I don’t recommend this story. Rosewood is a flake. Both her methods and her beliefs are highly suspect.

Which doesn’t mean that I didn’t have a takeaway. The truth is, childbirth isn’t simply a physical thing. A woman’s mind and emotions do impact the progression of labor – and it’s important to not ignore that. Relationship with your labor support is important. Having a goal beyond “not failing again” is important.

That said, there are many differences between Rosewood’s sections and mine. I do not feel my c-section was a failure. It was not forced on me, I chose it. While Rosewood experienced a very difficult labor after premature rupture of membranes, I never went into labor. Rosewood’s initial experience of premature rupture of membranes followed by stop and go labor was repeated in each of her pregnancies. At present, I have never gone through labor and have no reason to expect that my labor should not proceed normally.

I will be preparing for my first labor and delivery, which just happens to be after a c-section. Rosewood was trying to correct what she’d done wrong in her first labor and delivery in order to avoid the undesirable outcome she had. It’s a very different experience – and one that causes us to have very different mindsets from the outset.

Rating: 1 star
Category: Childbirth memoir
Synopsis: Rosewood tries for a home VBAC twice – and learns that childbirth isn’t just physical.
Recommendation: I don’t recommend it.

Book Review: “Beaten, Seared and Sauced” by Jonathon Dixon

September 13th, 2011

Martha Stewart, The Cooking Channel, and Food Network have made foodies of us all.

Okay, so we haven’t all become food snobs, but the ranks of food-o-philes have certainly swelled.

For many of us, that means we salivate over cookbooks, avidly watch cooking shows, and indulge our imaginary gluttony via online recipe blogs. Some of us clip those recipes and give them a try in our own kitchens, purchasing flavored vinegars and exotic spices, trying new varieties of vegetables and grains; while others of us only dream of the luxuries of saffron and quinoa and goose.

Jonathan Dixon has been a foodie for years, enjoying cooking in the privacy of his own home while passing through a collection of dead end jobs. He dreams of being a better cook, and even takes some cooking classes; but he’s still pretty discontent with his life.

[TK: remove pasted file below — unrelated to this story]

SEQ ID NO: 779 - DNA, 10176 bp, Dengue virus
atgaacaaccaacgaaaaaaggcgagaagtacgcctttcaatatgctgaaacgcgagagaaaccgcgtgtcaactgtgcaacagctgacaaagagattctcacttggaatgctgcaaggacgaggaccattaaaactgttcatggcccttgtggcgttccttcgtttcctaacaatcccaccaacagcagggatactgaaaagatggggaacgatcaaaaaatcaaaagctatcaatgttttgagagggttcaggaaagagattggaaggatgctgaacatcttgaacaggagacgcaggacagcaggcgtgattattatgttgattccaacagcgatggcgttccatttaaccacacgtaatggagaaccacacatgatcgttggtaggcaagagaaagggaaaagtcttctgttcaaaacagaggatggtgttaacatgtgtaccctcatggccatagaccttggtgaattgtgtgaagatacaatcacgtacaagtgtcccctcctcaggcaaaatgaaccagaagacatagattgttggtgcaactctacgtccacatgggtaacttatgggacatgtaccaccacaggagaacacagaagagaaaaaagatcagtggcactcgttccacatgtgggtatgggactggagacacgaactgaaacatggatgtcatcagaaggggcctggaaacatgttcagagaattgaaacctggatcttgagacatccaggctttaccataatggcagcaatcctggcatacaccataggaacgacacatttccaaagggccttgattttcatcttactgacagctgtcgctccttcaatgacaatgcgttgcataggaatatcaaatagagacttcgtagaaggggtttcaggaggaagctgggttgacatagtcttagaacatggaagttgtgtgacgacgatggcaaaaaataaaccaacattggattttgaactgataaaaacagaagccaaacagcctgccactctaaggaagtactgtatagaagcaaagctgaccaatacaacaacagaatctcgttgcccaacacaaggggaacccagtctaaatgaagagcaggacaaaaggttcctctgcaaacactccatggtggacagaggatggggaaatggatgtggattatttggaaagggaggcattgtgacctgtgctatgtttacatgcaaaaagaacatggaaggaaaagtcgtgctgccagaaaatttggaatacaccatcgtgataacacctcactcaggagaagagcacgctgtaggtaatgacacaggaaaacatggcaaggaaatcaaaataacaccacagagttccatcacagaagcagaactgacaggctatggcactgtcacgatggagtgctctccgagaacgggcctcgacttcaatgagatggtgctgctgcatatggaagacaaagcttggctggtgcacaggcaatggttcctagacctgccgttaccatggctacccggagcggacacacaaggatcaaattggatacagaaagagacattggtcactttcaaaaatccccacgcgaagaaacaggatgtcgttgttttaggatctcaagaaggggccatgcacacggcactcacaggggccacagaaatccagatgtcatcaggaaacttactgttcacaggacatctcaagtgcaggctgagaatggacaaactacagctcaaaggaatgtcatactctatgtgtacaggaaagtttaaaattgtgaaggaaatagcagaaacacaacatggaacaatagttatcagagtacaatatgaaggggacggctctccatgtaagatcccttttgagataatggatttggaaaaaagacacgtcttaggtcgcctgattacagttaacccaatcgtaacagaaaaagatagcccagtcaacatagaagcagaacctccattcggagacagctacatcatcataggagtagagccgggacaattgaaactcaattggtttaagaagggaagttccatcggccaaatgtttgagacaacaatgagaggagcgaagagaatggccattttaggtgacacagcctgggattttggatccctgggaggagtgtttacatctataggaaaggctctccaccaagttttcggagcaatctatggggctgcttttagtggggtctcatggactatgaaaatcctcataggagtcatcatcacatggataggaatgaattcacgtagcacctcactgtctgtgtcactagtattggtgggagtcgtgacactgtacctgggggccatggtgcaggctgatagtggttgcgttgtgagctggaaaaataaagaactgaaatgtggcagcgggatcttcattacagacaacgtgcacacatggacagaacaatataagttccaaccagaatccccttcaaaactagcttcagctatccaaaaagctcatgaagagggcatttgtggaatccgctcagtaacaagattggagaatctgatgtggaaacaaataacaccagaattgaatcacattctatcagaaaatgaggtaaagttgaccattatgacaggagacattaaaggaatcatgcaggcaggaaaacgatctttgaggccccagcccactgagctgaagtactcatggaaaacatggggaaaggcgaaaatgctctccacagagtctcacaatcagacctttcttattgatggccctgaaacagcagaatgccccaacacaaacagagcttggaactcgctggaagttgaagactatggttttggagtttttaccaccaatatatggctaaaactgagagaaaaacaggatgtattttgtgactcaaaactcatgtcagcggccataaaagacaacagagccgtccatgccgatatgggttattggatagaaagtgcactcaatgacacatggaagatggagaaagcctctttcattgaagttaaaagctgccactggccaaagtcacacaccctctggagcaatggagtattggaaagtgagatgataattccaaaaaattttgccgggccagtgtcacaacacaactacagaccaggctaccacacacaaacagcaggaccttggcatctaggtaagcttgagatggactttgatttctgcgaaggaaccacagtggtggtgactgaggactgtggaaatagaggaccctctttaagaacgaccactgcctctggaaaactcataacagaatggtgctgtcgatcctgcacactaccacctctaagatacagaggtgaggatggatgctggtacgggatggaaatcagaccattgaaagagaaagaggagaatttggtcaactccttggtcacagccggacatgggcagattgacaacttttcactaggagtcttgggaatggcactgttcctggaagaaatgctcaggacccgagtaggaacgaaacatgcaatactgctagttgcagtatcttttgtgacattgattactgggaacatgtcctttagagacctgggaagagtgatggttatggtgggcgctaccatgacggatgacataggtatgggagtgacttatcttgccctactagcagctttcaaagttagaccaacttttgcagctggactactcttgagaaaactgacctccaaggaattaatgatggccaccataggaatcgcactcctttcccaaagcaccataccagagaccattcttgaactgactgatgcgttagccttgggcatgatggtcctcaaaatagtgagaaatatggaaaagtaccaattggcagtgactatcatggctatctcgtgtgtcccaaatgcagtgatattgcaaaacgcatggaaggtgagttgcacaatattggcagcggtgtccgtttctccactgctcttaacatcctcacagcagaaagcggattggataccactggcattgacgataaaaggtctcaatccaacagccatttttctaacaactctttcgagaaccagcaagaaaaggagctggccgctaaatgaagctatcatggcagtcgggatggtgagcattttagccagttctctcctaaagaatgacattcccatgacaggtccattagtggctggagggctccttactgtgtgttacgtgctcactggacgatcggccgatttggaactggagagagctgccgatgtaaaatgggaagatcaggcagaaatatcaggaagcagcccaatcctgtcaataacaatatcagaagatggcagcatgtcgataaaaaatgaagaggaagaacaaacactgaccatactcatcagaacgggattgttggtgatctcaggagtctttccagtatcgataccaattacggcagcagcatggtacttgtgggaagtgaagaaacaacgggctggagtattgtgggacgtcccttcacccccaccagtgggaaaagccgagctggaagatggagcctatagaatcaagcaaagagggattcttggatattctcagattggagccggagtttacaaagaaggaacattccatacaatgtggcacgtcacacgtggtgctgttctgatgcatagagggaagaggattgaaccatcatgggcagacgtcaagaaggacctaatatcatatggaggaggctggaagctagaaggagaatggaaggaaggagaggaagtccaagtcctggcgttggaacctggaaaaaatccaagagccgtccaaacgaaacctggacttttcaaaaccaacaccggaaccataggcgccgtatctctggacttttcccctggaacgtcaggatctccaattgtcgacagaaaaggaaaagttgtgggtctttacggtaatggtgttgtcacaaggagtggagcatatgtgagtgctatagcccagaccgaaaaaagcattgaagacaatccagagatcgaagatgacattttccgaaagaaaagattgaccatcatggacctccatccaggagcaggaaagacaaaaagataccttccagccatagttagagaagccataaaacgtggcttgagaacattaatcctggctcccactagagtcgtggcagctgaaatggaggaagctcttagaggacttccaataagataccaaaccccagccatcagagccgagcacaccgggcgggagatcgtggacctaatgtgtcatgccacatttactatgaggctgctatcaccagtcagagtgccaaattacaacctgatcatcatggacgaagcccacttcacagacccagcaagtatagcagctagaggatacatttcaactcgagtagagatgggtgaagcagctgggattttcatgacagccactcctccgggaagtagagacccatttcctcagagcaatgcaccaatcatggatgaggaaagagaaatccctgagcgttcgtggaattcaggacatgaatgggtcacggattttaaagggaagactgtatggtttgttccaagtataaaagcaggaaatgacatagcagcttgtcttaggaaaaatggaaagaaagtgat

Then a family friend urges him forward. Why not enroll in chef school? Why not just do it?

And so, on the cusp of his thirty-eighth birthday, Jonathan takes the plunge and enrolls in the prestigious Culinary Institute of America.

Beaten, Seared, and Sauced is Jonathan’s memoirs of his experience of becoming a CIA chef.

This book appealed to my inner foodie and made me itch to go back to school myself-except not.

I loved hearing all about how the student chefs learned to cut a perfect dice and make a perfect bechamel. I loved reading of how they learned to tell by touch whether a roast chicken was done. I loved that they learned how to determine when a piece of produce is perfectly ripe.

I want that knowledge. I want those skills.

But I definitely don’t want to go to culinary school.

Dixon’s memoir makes that perfectly obvious.

Culinary school is a mess of sleeplessness, yelling instructors, and hard-to-get-along-with class/work-mates. It’s intense.

And this girl is reaching the age where she’d fit the “non-trad” bill–and Dixon’s difficulties with his (younger) fellow students and with assimilating rapid-fire data already start to hit home. I’m too old to go back to school–at least, too old to go back to that sort of school.

So I’ll indulge my fantasies vicariously, through Dixon’s memoir–and keep dreaming of someday embarking upon a self-study program to give myself even just a fraction of the skill Dixon describes.

As a food person, an avid learner, and project memoir junkie, I greatly enjoyed this memoir. My guess is that fellow foodies and/or project memoir lovers will enjoy it as well.

Rating: 3 stars
Category:Project Memoir
Synopsis:38 year old Jonathon Dixon chronicles his experience of becoming a chef at the Culinary Institue of America
Recommendation: If you’re a food junkie and/or a project memoir lover, you’ll probably enjoy this title. If neither of those is quite up your alley, this book probably isn’t either.